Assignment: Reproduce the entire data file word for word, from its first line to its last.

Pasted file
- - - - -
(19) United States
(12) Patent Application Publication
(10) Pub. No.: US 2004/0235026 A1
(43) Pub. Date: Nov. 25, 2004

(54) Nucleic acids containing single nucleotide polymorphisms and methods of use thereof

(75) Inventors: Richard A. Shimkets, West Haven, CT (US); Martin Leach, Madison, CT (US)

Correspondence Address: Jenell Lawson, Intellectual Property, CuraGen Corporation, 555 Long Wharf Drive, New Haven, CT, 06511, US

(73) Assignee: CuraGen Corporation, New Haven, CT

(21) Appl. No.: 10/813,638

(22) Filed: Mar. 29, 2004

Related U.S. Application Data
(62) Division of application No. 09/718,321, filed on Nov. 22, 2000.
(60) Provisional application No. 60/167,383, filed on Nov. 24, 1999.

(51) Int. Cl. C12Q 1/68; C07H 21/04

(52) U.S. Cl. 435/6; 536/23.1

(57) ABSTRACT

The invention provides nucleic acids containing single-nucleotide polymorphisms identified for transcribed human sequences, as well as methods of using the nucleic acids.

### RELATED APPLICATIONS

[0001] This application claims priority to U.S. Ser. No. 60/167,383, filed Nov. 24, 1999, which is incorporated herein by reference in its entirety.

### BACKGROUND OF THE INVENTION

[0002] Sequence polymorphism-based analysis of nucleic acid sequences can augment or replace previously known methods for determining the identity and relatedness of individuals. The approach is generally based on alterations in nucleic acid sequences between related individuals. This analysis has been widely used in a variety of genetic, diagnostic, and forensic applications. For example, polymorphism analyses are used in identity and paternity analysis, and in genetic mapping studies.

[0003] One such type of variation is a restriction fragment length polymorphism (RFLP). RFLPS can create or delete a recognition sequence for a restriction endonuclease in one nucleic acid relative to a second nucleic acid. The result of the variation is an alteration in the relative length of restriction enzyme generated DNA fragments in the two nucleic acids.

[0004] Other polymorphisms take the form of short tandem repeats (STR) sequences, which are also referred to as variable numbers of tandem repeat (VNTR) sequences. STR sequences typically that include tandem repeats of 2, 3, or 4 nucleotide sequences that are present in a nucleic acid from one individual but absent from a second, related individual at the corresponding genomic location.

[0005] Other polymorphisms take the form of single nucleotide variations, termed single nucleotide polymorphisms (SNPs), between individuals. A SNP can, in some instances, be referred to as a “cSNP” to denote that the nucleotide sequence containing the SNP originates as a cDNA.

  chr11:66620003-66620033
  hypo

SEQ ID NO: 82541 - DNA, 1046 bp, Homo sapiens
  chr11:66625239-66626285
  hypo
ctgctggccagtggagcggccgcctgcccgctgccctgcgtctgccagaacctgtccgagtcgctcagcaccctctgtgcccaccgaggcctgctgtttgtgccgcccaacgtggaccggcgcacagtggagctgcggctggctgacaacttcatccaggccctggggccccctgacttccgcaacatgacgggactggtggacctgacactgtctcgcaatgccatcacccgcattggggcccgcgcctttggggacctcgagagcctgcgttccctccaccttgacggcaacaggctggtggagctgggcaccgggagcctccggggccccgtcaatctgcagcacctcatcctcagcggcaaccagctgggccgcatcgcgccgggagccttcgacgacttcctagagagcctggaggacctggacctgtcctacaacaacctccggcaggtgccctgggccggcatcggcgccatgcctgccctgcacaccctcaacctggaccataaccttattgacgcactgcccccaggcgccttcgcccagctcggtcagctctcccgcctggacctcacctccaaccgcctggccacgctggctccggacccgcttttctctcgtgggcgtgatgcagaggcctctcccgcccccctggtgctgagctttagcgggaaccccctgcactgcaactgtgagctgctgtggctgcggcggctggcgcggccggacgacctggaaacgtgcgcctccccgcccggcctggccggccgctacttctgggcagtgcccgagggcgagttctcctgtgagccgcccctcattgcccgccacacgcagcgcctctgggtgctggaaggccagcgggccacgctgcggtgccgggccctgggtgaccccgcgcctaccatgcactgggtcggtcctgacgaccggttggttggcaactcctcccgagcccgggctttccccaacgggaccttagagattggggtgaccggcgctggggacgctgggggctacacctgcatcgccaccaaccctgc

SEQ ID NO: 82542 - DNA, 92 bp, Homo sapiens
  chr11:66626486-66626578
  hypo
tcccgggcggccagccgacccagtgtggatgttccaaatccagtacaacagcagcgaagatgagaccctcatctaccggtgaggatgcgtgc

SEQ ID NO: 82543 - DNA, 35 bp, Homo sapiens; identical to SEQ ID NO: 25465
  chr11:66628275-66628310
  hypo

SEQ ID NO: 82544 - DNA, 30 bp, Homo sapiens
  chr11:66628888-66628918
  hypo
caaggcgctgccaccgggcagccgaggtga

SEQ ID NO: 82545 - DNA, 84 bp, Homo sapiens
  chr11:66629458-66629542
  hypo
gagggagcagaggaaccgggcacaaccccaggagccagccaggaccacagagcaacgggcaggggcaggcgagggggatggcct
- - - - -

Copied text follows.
(19) United States
(12) Patent Application Publication
(10) Pub. No.: US 2004/0235026 A1
(43) Pub. Date: Nov. 25, 2004

(54) Nucleic acids containing single nucleotide polymorphisms and methods of use thereof

(75) Inventors: Richard A. Shimkets, West Haven, CT (US); Martin Leach, Madison, CT (US)

Correspondence Address: Jenell Lawson, Intellectual Property, CuraGen Corporation, 555 Long Wharf Drive, New Haven, CT, 06511, US

(73) Assignee: CuraGen Corporation, New Haven, CT

(21) Appl. No.: 10/813,638

(22) Filed: Mar. 29, 2004

Related U.S. Application Data
(62) Division of application No. 09/718,321, filed on Nov. 22, 2000.
(60) Provisional application No. 60/167,383, filed on Nov. 24, 1999.

(51) Int. Cl. C12Q 1/68; C07H 21/04

(52) U.S. Cl. 435/6; 536/23.1

(57) ABSTRACT

The invention provides nucleic acids containing single-nucleotide polymorphisms identified for transcribed human sequences, as well as methods of using the nucleic acids.

### RELATED APPLICATIONS

[0001] This application claims priority to U.S. Ser. No. 60/167,383, filed Nov. 24, 1999, which is incorporated herein by reference in its entirety.

### BACKGROUND OF THE INVENTION

[0002] Sequence polymorphism-based analysis of nucleic acid sequences can augment or replace previously known methods for determining the identity and relatedness of individuals. The approach is generally based on alterations in nucleic acid sequences between related individuals. This analysis has been widely used in a variety of genetic, diagnostic, and forensic applications. For example, polymorphism analyses are used in identity and paternity analysis, and in genetic mapping studies.

[0003] One such type of variation is a restriction fragment length polymorphism (RFLP). RFLPS can create or delete a recognition sequence for a restriction endonuclease in one nucleic acid relative to a second nucleic acid. The result of the variation is an alteration in the relative length of restriction enzyme generated DNA fragments in the two nucleic acids.

[0004] Other polymorphisms take the form of short tandem repeats (STR) sequences, which are also referred to as variable numbers of tandem repeat (VNTR) sequences. STR sequences typically that include tandem repeats of 2, 3, or 4 nucleotide sequences that are present in a nucleic acid from one individual but absent from a second, related individual at the corresponding genomic location.

[0005] Other polymorphisms take the form of single nucleotide variations, termed single nucleotide polymorphisms (SNPs), between individuals. A SNP can, in some instances, be referred to as a “cSNP” to denote that the nucleotide sequence containing the SNP originates as a cDNA.

  chr11:66620003-66620033
  hypo

SEQ ID NO: 82541 - DNA, 1046 bp, Homo sapiens
  chr11:66625239-66626285
  hypo
ctgctggccagtggagcggccgcctgcccgctgccctgcgtctgccagaacctgtccgagtcgctcagcaccctctgtgcccaccgaggcctgctgtttgtgccgcccaacgtggaccggcgcacagtggagctgcggctggctgacaacttcatccaggccctggggccccctgacttccgcaacatgacgggactggtggacctgacactgtctcgcaatgccatcacccgcattggggcccgcgcctttggggacctcgagagcctgcgttccctccaccttgacggcaacaggctggtggagctgggcaccgggagcctccggggccccgtcaatctgcagcacctcatcctcagcggcaaccagctgggccgcatcgcgccgggagccttcgacgacttcctagagagcctggaggacctggacctgtcctacaacaacctccggcaggtgccctgggccggcatcggcgccatgcctgccctgcacaccctcaacctggaccataaccttattgacgcactgcccccaggcgccttcgcccagctcggtcagctctcccgcctggacctcacctccaaccgcctggccacgctggctccggacccgcttttctctcgtgggcgtgatgcagaggcctctcccgcccccctggtgctgagctttagcgggaaccccctgcactgcaactgtgagctgctgtggctgcggcggctggcgcggccggacgacctggaaacgtgcgcctccccgcccggcctggccggccgctacttctgggcagtgcccgagggcgagttctcctgtgagccgcccctcattgcccgccacacgcagcgcctctgggtgctggaaggccagcgggccacgctgcggtgccgggccctgggtgaccccgcgcctaccatgcactgggtcggtcctgacgaccggttggttggcaactcctcccgagcccgggctttccccaacgggaccttagagattggggtgaccggcgctggggacgctgggggctacacctgcatcgccaccaaccctgc

SEQ ID NO: 82542 - DNA, 92 bp, Homo sapiens
  chr11:66626486-66626578
  hypo
tcccgggcggccagccgacccagtgtggatgttccaaatccagtacaacagcagcgaagatgagaccctcatctaccggtgaggatgcgtgc

SEQ ID NO: 82543 - DNA, 35 bp, Homo sapiens; identical to SEQ ID NO: 25465
  chr11:66628275-66628310
  hypo

SEQ ID NO: 82544 - DNA, 30 bp, Homo sapiens
  chr11:66628888-66628918
  hypo
caaggcgctgccaccgggcagccgaggtga

SEQ ID NO: 82545 - DNA, 84 bp, Homo sapiens
  chr11:66629458-66629542
  hypo
gagggagcagaggaaccgggcacaaccccaggagccagccaggaccacagagcaacgggcaggggcaggcgagggggatggcct